Ghislaine Maxwell's lawyer tell appeals judges that Jeffrey Epstein's Florida plea deal protects her

Ghislaine Maxwell's lawyer has asked a federal appeals court to toss out her sex trafficking conviction and 20-year prison sentence, saying Jeffrey Epstein's 2007 non-prosecution deal with a U.S. attorney in Florida should have prevented her prosecution

Larry Neumeister
Tuesday 12 March 2024 21:34 GMT

Imprisoned British socialite Ghislaine Maxwell’s lawyer asked a federal appeals court Tuesday to toss out her sex trafficking conviction and 20-year prison sentence, saying Jeffrey Epstein’s 2007 non-prosecution deal with a U.S. attorney in Florida should have prevented her prosecution.

Attorney Diana Fabi Samson's argument was repeatedly challenged by one judge on the 2nd U.S. Circuit Court of Appeals before the three-judge panel reserved decision.

Lawyers for Maxwell are challenging her December 2021 conviction on multiple grounds, but the only topic at oral arguments was whether the deal Epstein struck in Florida to prevent a federal case against him there also protected Maxwell in New York. Samson said it did. A prosecutor said it didn’t.

Maxwell, 62, is serving her sentence at a low-security federal prison in Tallahassee, Florida, where yoga, Pilates and movies are available.

Epstein's lawyers made a similar argument about the force of his non-prosecution deal in Florida after his July, 2019, sex trafficking arrest in Manhattan. But the legal question became moot in his case after he took his own life a month later in a federal lockup as he awaited trial.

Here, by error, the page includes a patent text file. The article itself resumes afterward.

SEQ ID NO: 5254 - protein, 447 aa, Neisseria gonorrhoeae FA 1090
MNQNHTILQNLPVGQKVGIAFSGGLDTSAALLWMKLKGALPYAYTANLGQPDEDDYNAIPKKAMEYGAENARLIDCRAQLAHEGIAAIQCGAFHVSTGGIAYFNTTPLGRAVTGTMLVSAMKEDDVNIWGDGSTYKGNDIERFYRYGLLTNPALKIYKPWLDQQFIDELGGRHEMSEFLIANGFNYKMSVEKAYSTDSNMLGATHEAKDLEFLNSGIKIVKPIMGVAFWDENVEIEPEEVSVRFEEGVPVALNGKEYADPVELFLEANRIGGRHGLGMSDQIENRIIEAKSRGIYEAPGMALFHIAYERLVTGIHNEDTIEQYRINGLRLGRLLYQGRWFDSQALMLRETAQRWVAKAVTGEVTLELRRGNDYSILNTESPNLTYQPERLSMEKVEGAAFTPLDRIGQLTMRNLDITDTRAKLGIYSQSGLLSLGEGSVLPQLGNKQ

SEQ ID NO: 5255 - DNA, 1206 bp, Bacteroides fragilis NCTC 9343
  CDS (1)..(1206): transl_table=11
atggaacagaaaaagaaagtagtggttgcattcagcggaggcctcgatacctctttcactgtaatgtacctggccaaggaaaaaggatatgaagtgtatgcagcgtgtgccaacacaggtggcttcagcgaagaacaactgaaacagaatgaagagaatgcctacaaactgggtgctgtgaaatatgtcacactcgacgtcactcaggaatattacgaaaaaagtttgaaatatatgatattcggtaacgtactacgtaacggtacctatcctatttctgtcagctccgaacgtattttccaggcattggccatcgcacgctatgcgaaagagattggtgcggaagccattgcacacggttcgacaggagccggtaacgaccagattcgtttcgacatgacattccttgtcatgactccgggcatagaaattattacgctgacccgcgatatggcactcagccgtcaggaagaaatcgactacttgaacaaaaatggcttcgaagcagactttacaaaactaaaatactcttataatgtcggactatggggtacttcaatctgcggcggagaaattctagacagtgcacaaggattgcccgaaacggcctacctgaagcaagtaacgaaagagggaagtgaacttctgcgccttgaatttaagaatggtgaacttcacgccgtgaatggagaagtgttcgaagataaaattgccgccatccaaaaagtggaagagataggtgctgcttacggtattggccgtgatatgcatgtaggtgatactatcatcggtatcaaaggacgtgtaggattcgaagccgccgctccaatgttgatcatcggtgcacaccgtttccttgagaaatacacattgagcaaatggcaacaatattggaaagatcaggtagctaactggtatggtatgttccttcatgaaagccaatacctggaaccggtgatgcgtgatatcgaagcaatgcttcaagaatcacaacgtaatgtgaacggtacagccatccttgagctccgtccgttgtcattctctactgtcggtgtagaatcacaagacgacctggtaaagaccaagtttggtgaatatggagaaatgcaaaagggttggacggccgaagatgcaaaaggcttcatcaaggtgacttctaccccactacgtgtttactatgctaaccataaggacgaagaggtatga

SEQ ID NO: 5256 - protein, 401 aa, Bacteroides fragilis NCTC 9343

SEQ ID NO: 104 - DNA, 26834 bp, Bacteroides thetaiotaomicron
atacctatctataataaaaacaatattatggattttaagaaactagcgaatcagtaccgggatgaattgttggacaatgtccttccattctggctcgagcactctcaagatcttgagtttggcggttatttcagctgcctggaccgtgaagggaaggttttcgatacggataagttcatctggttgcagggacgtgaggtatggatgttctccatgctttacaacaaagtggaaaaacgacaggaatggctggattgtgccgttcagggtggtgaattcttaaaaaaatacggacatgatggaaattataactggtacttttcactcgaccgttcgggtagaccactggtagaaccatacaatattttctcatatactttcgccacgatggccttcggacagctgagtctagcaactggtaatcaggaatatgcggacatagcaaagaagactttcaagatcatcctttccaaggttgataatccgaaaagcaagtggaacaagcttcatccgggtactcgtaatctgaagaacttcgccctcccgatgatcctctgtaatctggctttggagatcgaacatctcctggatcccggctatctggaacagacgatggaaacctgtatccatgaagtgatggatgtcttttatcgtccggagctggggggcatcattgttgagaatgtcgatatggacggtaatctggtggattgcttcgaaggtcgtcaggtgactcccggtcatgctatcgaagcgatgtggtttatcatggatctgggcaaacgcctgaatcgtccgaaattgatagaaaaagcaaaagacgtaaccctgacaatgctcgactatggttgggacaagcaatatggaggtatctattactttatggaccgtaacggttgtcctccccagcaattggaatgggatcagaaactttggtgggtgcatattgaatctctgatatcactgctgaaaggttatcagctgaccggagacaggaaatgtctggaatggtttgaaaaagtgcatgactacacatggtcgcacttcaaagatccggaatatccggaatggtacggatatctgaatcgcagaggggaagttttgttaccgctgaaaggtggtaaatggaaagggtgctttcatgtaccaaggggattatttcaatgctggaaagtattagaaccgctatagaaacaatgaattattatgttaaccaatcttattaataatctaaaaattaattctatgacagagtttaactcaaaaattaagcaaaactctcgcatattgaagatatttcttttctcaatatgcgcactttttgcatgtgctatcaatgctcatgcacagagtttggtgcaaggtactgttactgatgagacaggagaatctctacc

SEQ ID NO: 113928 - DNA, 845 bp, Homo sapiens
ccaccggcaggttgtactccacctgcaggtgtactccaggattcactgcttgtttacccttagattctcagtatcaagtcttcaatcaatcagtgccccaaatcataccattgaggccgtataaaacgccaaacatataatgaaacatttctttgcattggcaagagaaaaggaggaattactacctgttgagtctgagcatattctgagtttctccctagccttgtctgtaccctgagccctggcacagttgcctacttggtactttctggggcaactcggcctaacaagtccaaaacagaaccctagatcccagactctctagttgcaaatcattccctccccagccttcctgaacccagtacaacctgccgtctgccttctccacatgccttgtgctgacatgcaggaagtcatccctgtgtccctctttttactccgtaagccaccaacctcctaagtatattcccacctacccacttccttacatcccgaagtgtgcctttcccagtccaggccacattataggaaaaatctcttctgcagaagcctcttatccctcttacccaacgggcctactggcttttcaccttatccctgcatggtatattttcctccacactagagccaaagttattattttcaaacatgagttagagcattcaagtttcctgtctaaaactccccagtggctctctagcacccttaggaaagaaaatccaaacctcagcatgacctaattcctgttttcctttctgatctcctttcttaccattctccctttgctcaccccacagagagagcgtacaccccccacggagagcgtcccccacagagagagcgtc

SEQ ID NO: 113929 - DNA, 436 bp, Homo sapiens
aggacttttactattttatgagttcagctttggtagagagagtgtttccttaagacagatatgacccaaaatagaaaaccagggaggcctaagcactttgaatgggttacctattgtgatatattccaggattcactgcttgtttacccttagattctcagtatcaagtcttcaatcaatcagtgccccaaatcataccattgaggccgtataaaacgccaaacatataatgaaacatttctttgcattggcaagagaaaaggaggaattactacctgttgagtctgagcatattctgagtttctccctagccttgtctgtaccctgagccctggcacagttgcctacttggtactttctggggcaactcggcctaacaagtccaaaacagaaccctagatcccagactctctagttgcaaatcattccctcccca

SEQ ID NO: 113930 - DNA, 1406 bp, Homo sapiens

Maxwell was arrested a year later and convicted at trial after several women who were sexually abused by Epstein testified that she played a crucial role from 1994 to 2004 by recruiting and grooming teenage girls for her former boyfriend to abuse.

Maxwell once had a romantic relationship with Epstein, but she later became his employee at his five residences, including a Manhattan mansion, the Virgin Islands and a large estate in Palm Beach, Florida.

Samson insisted that a provision of Epstein's non-prosecution agreement that protected potential coconspirators should have prevented prosecutors from charging her 13 years later.

Circuit Judge Raymond Lohier repeatedly seemed to poke holes in her argument that “all U.S. attorneys have absolute authority bind other districts” when they make deals with defendants. He noted that the Florida agreement identified several individuals besides Epstein who should have protected under the deal, but Maxwell was not among them.

He said he reviewed the Department of Justice manual about non-prosecution agreements and “it suggests the opposite of what you just said.” Lohier said that each U.S. attorney's office's decisions could not require other offices to conform.

Samson countered that the manual was only advisory and “not a shield to allow the government to get out of its agreements made with defendants.”

She added: “Denying the viability of this agreement strikes a dagger in the heart of the trust between the government and its citizens regarding plea agreements.”

Arguing for the government, Assistant U.S. Attorney Andrew Rohrbach responded to a question from Lohier by saying that he didn't know of any deal made by one federal prosecutor's office that required every other U.S. attorney to agree to abide by.

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